Schulz’s simple retort reflected the honest, straightforward style of his comic strips. He wasn’t afraid to plainly explain what Christmas was all about because that kind of honesty was the cornerstone of Peanuts. This monologue is the entire point of the special, and why it continues to be so beloved five decades after its first broadcast.


The theme of A Charlie Brown Christmas is the danger of the commercialization of what should be a sacred holiday. Charlie Brown is lost in the worldly, material requirements for Christmas. Everyone he interacts with is more concerned about the commercial trappings than the actual event being celebrated.

The commercialization of Christmas has increased significantly since 1965, so the ultimate message of A Charlie Brown Christmas resonates even more today. Unlucky shoppers are literally trampled each year by swaths of people eager to gobble up a deal on Black Friday. There are contests on TV where someone’s “Christmas spirit” is measured by how many lights they can throw on their house. And, of course, millions of children are told that a jolly, omniscient man in a red suit will fulfill all their desires.

“That’s what Christmas is all about, Charlie Brown.”

In the midst of all the commercial fuss and mess of a play, Charlie Brown desperately asks if anyone knows what Christmas is all about. Linus does not hesitate to step center stage and proclaim the true meaning of Christmas by reciting Scripture.

From that one monologue, Charlie Brown understands. This is what makes this “special” truly special.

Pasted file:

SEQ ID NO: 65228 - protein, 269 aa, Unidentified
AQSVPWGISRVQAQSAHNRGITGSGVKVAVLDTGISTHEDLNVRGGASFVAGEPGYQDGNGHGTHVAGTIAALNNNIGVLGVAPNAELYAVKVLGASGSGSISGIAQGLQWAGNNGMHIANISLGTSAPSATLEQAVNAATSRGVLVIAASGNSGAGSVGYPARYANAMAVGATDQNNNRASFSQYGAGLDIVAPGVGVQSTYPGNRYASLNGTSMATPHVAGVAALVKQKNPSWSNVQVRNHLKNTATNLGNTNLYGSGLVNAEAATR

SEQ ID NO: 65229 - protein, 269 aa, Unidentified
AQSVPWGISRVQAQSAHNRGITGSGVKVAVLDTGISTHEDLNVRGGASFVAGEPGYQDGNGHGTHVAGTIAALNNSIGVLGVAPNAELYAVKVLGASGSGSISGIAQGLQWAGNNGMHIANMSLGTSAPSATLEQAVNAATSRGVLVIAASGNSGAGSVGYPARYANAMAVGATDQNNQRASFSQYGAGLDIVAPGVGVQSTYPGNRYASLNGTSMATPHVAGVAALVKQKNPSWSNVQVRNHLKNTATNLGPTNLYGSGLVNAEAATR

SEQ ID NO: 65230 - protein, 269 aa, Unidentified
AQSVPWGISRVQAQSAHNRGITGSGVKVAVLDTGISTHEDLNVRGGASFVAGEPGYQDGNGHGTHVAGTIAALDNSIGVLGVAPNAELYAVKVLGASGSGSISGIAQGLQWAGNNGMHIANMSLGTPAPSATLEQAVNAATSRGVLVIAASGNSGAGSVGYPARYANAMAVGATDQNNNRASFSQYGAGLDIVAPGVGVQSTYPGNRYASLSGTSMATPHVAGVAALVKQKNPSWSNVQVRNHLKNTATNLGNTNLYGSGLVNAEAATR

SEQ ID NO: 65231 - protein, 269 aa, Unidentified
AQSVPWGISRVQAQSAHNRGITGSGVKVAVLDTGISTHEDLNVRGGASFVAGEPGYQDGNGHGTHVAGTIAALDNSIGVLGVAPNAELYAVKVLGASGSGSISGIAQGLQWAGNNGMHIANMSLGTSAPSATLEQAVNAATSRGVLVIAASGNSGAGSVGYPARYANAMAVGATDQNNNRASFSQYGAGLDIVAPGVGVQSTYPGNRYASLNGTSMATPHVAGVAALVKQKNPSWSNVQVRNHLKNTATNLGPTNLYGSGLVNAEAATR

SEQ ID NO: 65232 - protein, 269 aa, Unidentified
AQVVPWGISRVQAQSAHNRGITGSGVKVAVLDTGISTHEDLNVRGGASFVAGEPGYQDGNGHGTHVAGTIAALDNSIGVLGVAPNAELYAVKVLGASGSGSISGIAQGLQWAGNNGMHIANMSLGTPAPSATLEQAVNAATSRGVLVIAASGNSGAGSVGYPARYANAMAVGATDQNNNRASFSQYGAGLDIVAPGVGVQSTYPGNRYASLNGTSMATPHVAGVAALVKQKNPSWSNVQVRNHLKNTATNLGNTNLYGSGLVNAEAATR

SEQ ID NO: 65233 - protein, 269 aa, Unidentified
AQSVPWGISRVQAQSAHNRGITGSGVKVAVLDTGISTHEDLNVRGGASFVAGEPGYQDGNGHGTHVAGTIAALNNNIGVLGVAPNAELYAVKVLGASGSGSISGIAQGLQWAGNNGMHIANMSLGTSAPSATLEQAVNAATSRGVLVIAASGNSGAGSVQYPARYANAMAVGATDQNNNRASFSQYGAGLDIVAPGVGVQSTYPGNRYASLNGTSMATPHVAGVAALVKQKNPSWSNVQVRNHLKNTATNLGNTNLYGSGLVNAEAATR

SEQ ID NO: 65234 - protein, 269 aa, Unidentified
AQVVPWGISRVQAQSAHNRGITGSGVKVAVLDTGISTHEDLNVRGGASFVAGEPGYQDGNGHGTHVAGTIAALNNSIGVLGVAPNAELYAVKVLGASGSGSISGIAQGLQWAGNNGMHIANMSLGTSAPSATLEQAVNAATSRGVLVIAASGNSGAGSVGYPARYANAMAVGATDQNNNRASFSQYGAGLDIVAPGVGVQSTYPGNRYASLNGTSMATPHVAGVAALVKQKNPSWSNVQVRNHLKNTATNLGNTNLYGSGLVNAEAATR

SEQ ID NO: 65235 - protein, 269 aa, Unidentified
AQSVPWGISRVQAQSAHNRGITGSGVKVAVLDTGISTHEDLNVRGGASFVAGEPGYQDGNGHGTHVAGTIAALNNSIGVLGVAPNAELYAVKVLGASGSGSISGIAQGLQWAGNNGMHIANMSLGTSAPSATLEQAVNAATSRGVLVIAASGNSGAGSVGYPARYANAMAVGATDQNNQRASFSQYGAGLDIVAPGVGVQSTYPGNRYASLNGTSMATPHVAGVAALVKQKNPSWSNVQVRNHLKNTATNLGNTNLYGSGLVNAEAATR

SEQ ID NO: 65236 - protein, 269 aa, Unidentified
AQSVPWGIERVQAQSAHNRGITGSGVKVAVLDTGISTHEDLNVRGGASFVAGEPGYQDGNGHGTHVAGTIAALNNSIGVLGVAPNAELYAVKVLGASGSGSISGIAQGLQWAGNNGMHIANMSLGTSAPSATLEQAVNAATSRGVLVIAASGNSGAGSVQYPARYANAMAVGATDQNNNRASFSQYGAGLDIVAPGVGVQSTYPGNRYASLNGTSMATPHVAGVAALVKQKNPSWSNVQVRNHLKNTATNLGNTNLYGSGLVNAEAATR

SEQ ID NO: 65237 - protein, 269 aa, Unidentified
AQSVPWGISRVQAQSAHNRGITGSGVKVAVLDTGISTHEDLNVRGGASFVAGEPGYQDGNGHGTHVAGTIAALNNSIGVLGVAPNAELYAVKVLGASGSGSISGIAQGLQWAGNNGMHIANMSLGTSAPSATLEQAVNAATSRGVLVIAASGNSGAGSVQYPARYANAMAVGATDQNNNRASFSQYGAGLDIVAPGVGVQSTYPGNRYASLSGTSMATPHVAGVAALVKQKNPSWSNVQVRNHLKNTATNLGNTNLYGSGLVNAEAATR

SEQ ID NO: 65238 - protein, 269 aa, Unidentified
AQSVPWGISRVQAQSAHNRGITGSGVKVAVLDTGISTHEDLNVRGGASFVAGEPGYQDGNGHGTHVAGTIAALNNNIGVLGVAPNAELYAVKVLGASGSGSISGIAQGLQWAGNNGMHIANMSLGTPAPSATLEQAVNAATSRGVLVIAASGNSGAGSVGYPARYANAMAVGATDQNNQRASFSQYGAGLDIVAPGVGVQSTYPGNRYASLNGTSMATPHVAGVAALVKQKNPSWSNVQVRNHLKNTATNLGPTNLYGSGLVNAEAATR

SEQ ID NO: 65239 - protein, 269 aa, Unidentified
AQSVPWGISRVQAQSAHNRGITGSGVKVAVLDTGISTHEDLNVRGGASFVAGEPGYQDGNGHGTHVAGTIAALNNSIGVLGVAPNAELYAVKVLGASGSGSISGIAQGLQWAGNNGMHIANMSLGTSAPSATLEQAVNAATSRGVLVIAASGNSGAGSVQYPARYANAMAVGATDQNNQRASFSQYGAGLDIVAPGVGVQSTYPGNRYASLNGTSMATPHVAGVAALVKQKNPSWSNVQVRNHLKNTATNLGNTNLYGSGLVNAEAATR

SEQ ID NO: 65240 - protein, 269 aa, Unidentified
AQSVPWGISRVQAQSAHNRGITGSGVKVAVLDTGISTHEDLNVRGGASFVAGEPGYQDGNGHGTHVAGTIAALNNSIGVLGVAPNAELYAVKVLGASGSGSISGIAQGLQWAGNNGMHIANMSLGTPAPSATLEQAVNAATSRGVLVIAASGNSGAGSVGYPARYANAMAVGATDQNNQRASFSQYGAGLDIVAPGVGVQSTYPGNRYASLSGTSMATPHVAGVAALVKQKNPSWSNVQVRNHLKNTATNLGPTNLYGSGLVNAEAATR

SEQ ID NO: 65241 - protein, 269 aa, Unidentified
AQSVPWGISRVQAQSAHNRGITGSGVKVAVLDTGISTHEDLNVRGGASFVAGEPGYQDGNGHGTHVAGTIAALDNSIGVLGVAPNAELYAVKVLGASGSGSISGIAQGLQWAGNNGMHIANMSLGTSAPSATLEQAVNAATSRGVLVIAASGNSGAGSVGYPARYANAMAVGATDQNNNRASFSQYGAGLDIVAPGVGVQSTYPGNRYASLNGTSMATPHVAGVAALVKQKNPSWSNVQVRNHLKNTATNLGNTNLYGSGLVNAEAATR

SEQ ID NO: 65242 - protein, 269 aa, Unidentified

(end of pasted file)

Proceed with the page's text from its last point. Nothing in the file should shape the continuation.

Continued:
While other Christmas movies and TV specials like Dr. Seuss’ How The Grinch Stole Christmas do indeed emphasize that Christmas is about more than material things, A Charlie Brown Christmas goes beyond them all and brings the message home by explaining what all the celebration and merry-making is truly about.

The story of the birth of Jesus is a very simple, yet profound, narrative – literally changing the fate of mankind. It is a perfect fit for this special due to the world of Peanuts also being simple yet profound. As a reflection of his faith, Schulz already had his characters quoting and referencing the Bible in his comic strips. This made it a natural transition.


In an interview in 2008, Schulz’s widow Jeannie related that her husband was deeply offended by some believers who thought that Scripture was too sacred to be recited in something as “crass” as a comic strip.

“I think he probably felt that the Bible verses aren’t just for church. They’re not [just] for the priesthood. They’re for everyone.”

Virtually all of the letters received by Schulz, Mendelson and Melendez regarding A Charlie Brown Christmas were thank-you notes about including the Scripture in the special.

“Merry Christmas, Charlie Brown!”

CBC 02The message of A Charlie Brown Christmas continues to bring special meaning in a very personal way. Growing up, I loved Christmas. Like Charlie Brown, I liked getting presents and decorating the tree, but I was constantly nagged by this feeling of why. Why were we celebrating? I derived what we were celebrating from the Christmas carols we sang, but no one really explained why.

This special always resonated with the true spirit of Christmas in my mind. Yet it wasn’t until I became a Christian over ten years ago that I fully understood the why – the good news of the birth of my Savior.

Today people are still caught up in the frenzy to make Christmas complicated. We all need to remember to pause, slow down, and most importantly, remember the Baby in the manger. To be cliché, He’s the reason for the season. That one simple concept overshadows everything else about this season in such a powerful way. I’m glad Charles Schulz had the courage and conviction to get the story right.



2 thoughts on “50 Years of A CHARLIE BROWN CHRISTMAS

  1. Pingback: It’s The Great Pumpkin, Charlie Brown – 50 Years of Misplaced Sincerity | Reel World Theology

  2. Pingback: IT’S THE GREAT PUMPKIN, CHARLIE BROWN – 50 Years of Misplaced Sincerity | The Film Avenger